Following their hit run on Broadway, Ian McKellen and Patrick Stewart (they last appeared together in Waiting for Godot back in 2009) returned to the West End stage in Harold Pinter’s NO MAN’S LAND, captured live to cinemas from Wyndham’s Theatre, London as part of the wonderful NT Live series. The production ended its season at the Wyndham on December 17, 2016.
Pinter’s play transfers wonderfully from stage to screen , is clearly and thoughtfully shot with terrific use of close up at certain points ( for example when Patrick Stewart as Spooner crumbles in despair at one point in the first act, or the tension at his crawling exit. Or McKellan’s face when Hirst admits to seducing Spooner’s wife).
Superbly directed by Sean Mathias and with a stellar cast this is a magnificent, tense production.
Pinter’s play is extremely wordy, with some strong language at one point, and you have to pay very close attention to the text. Both Mathias with his sure direction, and the great cast do this and they catch the pace and rhythm of the text, especially with some of the long, tricky monologues spoken by Spooner and Hirst.
The play is apparently deceptively simple and nothing much really happens – or does it? Is it all Hirst’s drunken imagining? ( The cast of four, particularly HIrst and Spooner, drink like fishes , downing umpteen glasses of assorted alcoholic beverages.
Nothing is what it seems – or is it?!
The rotunda like set design by Stephen Brimson Lewis is glorious – one door allowing entry to Spooner’s posh, elegant circular office featuring a couple of chairs, a huge bar, and the barely visible skylight and the trees outside.
In the first act it is night, and is Hirst ‘just ‘ drunk and confused or descending into dementia? Or is he maybe terminally ill?
In the second half it is a lovely day and at first Hirst is ebullient, and greets Spooner as a long lost friend. But the oddness , uneasiness and the questions continue …
The plot of this gripping rather convoluted play is essentially that one summer’s evening, two ageing writers, Hirst and Spooner, meet in a Hampstead pub and continue their drinking into the night at Hirst’s stately house nearby.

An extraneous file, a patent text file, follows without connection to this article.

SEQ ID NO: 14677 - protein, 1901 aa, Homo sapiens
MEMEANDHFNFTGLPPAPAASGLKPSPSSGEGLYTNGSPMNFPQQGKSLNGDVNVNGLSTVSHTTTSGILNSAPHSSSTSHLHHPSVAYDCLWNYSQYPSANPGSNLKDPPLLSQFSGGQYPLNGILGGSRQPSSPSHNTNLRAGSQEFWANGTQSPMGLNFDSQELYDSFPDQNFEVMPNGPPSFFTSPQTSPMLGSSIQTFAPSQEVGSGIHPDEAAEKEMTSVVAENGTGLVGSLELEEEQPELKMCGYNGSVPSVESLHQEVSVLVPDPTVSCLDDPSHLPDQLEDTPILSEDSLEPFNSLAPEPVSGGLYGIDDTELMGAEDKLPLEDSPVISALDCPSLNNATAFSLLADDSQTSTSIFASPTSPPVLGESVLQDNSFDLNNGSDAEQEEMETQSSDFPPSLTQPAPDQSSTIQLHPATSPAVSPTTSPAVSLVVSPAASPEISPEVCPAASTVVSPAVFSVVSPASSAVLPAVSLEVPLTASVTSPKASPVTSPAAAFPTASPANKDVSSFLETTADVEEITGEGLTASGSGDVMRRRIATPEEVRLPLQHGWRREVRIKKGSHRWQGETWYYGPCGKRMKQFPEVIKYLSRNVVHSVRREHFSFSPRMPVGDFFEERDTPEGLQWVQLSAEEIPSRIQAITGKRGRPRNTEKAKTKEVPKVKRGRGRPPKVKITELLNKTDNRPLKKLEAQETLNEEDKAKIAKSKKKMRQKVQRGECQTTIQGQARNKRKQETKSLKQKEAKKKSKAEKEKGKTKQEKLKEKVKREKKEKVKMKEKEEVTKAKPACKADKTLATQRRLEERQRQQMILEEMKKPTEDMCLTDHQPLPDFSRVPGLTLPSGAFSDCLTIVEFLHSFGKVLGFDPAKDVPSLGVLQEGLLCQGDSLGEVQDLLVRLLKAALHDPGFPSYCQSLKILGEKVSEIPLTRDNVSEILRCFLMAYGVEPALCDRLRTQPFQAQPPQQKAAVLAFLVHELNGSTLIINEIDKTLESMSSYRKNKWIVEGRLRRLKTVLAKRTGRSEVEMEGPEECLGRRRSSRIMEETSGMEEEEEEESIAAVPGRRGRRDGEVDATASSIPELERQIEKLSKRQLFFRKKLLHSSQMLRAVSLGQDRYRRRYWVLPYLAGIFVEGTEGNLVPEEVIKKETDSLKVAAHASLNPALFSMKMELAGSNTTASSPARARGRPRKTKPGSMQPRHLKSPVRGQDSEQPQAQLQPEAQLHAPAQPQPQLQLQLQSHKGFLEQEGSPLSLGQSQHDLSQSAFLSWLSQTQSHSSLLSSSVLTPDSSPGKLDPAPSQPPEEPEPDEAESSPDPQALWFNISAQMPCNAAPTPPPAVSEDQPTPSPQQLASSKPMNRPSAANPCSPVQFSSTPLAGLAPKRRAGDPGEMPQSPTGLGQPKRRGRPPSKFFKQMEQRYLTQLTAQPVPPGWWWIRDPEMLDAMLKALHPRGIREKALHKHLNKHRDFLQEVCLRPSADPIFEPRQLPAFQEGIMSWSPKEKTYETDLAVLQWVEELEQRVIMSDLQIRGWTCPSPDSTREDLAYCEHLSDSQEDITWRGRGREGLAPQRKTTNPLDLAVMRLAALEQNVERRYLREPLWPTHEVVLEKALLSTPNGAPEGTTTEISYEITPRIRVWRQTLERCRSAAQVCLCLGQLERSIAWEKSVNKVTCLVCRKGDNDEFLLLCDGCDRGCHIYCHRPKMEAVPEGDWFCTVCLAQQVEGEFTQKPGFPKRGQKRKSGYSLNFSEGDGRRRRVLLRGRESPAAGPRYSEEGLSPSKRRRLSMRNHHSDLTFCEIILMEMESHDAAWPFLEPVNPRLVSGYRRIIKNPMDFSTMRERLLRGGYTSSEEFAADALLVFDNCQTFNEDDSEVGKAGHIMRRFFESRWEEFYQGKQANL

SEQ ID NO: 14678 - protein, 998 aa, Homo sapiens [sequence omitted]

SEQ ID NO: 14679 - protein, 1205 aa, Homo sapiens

As the pair become increasingly drunk and their interwoven stories increasingly unbelievable, the lively conversation soon turns into a twisted power game, further complicated by the return home of the rather sinister Briggs (Owen Teale) and Foster (Damien Maloney ) who ooze menace .Camera closeups reveal the tattoos and large signet ring that Brigs wears.
NO MAN’S LANDis set in the 1970’s – Lewis’ costume designs for Briggs and Foster and their hairdos make this clear. This, however, is a scenario that could just as well play out today.
The play. is a sort of psychological thriller – who will apparently crumble and collapse?Who will beg for a job? Is anyone really what they appear? Can we believe anything anyone says, when they seem so two faced?!
Patrick Stewart as Hirst provides a finely nuanced haunting portrait of an ageing, reclusive man of letters who invites into Spooner, played by Ian McKellan, into his home, a literary-minded fellow and would be minor poet of far less success and means. Both men turn the tables on each other and there is a terrific duel of wit and words at times.
Briggs and Foster also have monologues where we learn more about them and it is perhaps possibly delicately hinted that that there might be a homoerotic attraction between Briggs and Foster.
Hirst comes across as being caught in a, “no man’s land… which remains forever, icy and silent”, a land that serves perhaps as a place in limbo before his death.
Peter Hall’s iconic 1975 premiere production, starring Ralph Richardson as Hirst and John Gielgud as Spooner, is still talked about today. This production is also, in its own way. outstanding.
Running time – allow two and a half hours. The film includes one interval and a ‘behind the scenes’ short documentary before the play starts and a Q & A session afterwards.
The NT Live screenings of NO MAN’S LAND will screen at selected cinemas from 4th February.